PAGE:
490
490

PROPERTY OF A NOBLEMAN

A small gold and enamel double-opening snuff box, Aymé-Antoine Chollet, Paris, 1757
Estimate
25,00035,000
JUMP TO LOT
490

PROPERTY OF A NOBLEMAN

A small gold and enamel double-opening snuff box, Aymé-Antoine Chollet, Paris, 1757
Estimate
25,00035,000
JUMP TO LOT

Details & Cataloguing

Style: European Silver, Ceramics, and Objects of Vertu

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London

A small gold and enamel double-opening snuff box, Aymé-Antoine Chollet, Paris, 1757
rectangular, opening top and bottom, decorated in blue, green and russet basse-taille enamels, both lids with trophies of music and gardening, the sides with flower clusters, within entwined leafy garlands and ribbons on a textured sunray-engraved ground, maker's mark, charge marks of Eloi Brichard, Paris date letter R, the right rim struck with export counter mark of Julien Alaterre, export countermark of Julien Alaterre apparently overstriking the earlier discharge mark
5.3cm., 2 1/8 in. wide
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Provenance

Private collection, New York (1966)

Literature

A. Kenneth Snowman, Gold Boxes of Europe, London, 1966, pl. 282; 
A. Kenneth Snowman, Eighteenth Century Gold Boxes of Europe, Woodbridge, 1990, p. 179, pl. 352

Catalogue Note

The Paris hôpital de la Trinité in the rue St Denis had developed by the sixteenth century into virtually the first specialised training establishment for arts and crafts. Its initial responsibility for the care of orphans and children in peril had become more structured as it prepared children for a métier with education and apprenticeships. The Trinité was allowed to nominate one candidate per year for mastership in each of the official Parisian trades. Aymé-Antoine Chollet was admitted to the Trinité in 1755 and registered his maker’s mark (EAC, a triangle) the following year when a place became available, the numbers being strictly limited. He registered a new mark (AAC, a cockerel) with the Goldsmiths’ Guild in 1764. Chollet acted as warden of the Guild in 1768/9 and grand warden in 1782/3. He was recorded in the Almanach at the sign of the ‘Château de Namur’ on the pont Notre-Dame, ‘pour le bijou d’or’ in 1776 and continued at various addresses until 1791.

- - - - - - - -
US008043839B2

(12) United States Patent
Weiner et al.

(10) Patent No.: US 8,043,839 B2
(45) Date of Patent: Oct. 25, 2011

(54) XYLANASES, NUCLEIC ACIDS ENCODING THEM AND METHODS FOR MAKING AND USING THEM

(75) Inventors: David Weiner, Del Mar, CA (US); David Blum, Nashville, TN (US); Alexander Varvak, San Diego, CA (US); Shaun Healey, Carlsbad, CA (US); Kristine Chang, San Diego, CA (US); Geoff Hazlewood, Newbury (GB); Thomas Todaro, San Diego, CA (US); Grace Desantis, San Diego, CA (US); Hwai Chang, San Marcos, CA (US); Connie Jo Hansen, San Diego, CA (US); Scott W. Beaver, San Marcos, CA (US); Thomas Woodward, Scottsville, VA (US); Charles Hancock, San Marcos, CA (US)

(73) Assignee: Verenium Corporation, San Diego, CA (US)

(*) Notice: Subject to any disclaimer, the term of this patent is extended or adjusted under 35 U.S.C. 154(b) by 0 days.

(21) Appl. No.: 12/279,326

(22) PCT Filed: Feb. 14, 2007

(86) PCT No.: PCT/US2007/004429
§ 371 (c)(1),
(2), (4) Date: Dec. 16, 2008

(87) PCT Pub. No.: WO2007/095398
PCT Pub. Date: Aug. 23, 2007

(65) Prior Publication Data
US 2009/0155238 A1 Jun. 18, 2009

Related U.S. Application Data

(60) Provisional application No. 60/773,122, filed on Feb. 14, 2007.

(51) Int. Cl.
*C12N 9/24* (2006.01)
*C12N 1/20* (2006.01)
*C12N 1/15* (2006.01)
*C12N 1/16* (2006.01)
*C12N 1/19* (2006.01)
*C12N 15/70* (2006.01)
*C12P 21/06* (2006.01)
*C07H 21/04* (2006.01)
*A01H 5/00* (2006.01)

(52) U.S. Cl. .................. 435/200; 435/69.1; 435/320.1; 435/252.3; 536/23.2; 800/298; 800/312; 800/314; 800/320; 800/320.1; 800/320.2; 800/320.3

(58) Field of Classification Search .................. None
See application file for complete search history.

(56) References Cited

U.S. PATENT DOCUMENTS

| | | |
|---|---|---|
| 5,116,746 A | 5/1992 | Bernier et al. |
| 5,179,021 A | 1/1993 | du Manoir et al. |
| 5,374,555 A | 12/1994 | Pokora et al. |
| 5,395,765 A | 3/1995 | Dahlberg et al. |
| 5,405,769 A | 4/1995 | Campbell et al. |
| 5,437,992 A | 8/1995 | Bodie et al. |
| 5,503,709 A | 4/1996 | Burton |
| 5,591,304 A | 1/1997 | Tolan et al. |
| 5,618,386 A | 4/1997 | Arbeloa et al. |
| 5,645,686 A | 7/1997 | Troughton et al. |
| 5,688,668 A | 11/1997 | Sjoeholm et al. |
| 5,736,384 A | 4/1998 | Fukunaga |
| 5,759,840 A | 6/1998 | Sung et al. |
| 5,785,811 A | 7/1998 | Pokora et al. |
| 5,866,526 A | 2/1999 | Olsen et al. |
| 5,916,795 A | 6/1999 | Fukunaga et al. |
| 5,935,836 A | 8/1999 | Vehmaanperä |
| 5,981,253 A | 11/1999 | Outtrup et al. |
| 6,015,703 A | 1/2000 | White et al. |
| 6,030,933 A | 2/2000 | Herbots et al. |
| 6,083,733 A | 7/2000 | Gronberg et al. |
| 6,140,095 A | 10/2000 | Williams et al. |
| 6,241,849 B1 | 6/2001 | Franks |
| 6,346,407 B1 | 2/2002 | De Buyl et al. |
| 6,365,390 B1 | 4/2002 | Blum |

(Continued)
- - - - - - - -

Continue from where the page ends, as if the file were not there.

There is some uncertainty about Chollet’s first maker’s mark which has been clearly explained by Charles Truman in his description of the well-known gold and enamel box of 1756 in the form of a chaise percée in the Wallace Collection, which is attributed to Chollet and appears to be struck with the same maker’s mark as that on the current box. In both cases, the mark is AAC not EAC with an unidentifiable diférent between. As Truman puts it ‘although the device does not appear to be a triangle, it would be unwise to identify it firmly as a cockerel. However, it seems unreasonable to assume that this is not Chollet’s mark since no other goldsmith had registered the initials AAC at this date’ (The Wallace Collection Catalogue of Gold Boxes, London, 2013, no. 13, p. 92). Truman suggests that the clerk recording the first mark may have misheard Chollet’s pronunciation of his name since neither of his initials is ‘E’ and the fact that a new mark was entered in 1764 was intended to regularise the situation.

Style: European Silver, Ceramics, and Objects of Vertu

|
London